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Video: Inmate charged after corrections officer strikes him

Advocates want outside oversight to look into the discipline or lack thereof of officers at the facility, but union says such oversight is unnecessary


By C1 Staff

PHILADEPHILA — An inmate is facing charges of assaulting a corrections officer, even after video surfaced showing that the officer struck the inmate first.

City Paper reports that the incident took place Jan. 9 at Curran-Fromhold Correctional Facility between CO Tyrone Glover and inmate John Steckley.

In the video, Glover informs Steckley that his visitation time is up. Steckley at first argues, and a second officer appears, but Steckley is ultimately led away to the visiting room exit.

As Glover and Steckley meet in front of the exit door, Steckley continues to argue and spreads his arms in a gesture. Glover strikes Steckley in the face.

Steckley is now facing criminal charges for assaulting a corrections officer, though he only hit back after Glover struck him first.

“Mr. Steckley denies ever assaulting correctional officer Glover and that any reaction to being assaulted by Glover was done in self-defense,” said Steckley’s lawyer, Kevin Mincey. “Our investigation shows that the allegations made by correctional officer Glover have no merit and I have shared that with the District Attorney’s office.”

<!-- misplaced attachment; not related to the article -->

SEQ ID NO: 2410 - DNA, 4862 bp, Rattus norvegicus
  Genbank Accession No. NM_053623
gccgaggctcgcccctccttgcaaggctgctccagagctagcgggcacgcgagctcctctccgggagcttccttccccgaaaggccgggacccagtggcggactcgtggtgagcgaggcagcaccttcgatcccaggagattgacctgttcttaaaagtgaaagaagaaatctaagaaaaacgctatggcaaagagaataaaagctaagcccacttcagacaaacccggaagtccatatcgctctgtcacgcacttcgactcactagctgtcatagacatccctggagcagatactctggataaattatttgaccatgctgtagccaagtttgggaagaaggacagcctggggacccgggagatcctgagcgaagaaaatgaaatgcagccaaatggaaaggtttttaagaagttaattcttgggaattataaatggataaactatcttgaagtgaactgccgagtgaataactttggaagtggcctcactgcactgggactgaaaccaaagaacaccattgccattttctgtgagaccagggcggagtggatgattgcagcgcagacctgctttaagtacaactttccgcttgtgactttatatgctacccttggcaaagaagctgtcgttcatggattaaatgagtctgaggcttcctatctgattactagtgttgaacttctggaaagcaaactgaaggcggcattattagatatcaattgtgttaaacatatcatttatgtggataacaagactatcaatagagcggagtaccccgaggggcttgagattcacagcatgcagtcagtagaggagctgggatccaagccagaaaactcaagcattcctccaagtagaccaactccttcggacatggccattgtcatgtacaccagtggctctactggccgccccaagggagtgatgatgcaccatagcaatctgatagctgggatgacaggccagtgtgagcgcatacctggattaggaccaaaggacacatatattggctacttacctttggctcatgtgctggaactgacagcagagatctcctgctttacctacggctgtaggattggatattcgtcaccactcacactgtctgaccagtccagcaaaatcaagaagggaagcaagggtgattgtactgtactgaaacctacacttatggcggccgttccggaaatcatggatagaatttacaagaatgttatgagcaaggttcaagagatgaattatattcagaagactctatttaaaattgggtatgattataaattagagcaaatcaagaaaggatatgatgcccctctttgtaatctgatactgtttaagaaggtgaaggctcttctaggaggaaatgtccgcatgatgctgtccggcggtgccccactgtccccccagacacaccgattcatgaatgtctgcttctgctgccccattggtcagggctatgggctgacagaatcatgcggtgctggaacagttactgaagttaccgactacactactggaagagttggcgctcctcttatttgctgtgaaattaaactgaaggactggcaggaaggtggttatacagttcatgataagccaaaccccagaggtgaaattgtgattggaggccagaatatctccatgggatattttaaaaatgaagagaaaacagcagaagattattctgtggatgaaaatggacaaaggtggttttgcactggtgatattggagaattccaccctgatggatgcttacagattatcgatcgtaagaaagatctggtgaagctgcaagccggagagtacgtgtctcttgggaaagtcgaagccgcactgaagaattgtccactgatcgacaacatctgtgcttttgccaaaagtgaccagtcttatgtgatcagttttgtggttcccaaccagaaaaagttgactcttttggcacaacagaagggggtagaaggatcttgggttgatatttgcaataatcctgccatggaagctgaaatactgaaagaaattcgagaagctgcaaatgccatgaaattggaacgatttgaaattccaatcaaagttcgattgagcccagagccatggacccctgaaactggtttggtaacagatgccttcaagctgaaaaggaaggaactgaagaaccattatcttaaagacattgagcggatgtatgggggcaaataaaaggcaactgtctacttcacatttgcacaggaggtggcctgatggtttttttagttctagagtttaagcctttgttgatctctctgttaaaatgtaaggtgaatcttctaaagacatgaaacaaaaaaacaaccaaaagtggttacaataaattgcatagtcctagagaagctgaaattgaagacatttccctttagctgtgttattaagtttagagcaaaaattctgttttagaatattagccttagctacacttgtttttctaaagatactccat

Glover has not faced any charges and the D.A.’s office has declined to comment.

At Steckley’s preliminary hearing in March, Glover testified that Steckley acted unruly when he was told to leave the visiting room, commenting that he would leave when he was ready. He also said that Steckley threatened him.

Glover also came under scrutiny for another inmate altercation in September, when he struck Marcellus Temple in the prison gym.

Once again Glover said that the inmate didn’t leave a room when told to.

Investigations into both incidents were conducted by the prison, but no information on disciplinary action or resolutions was released.

 Inmate advocates are calling for outside oversight into the incidents, but the president of the corrections officers’ union says such actions are unnecessary.

“When you say ‘oversight,’ we have sergeants, lieutenants and captains, and other supervisors in the jail,” said Lorenzo North, president of AFSCME Local 159. “The supervisors there do their job and there’s no need for outside oversight.”

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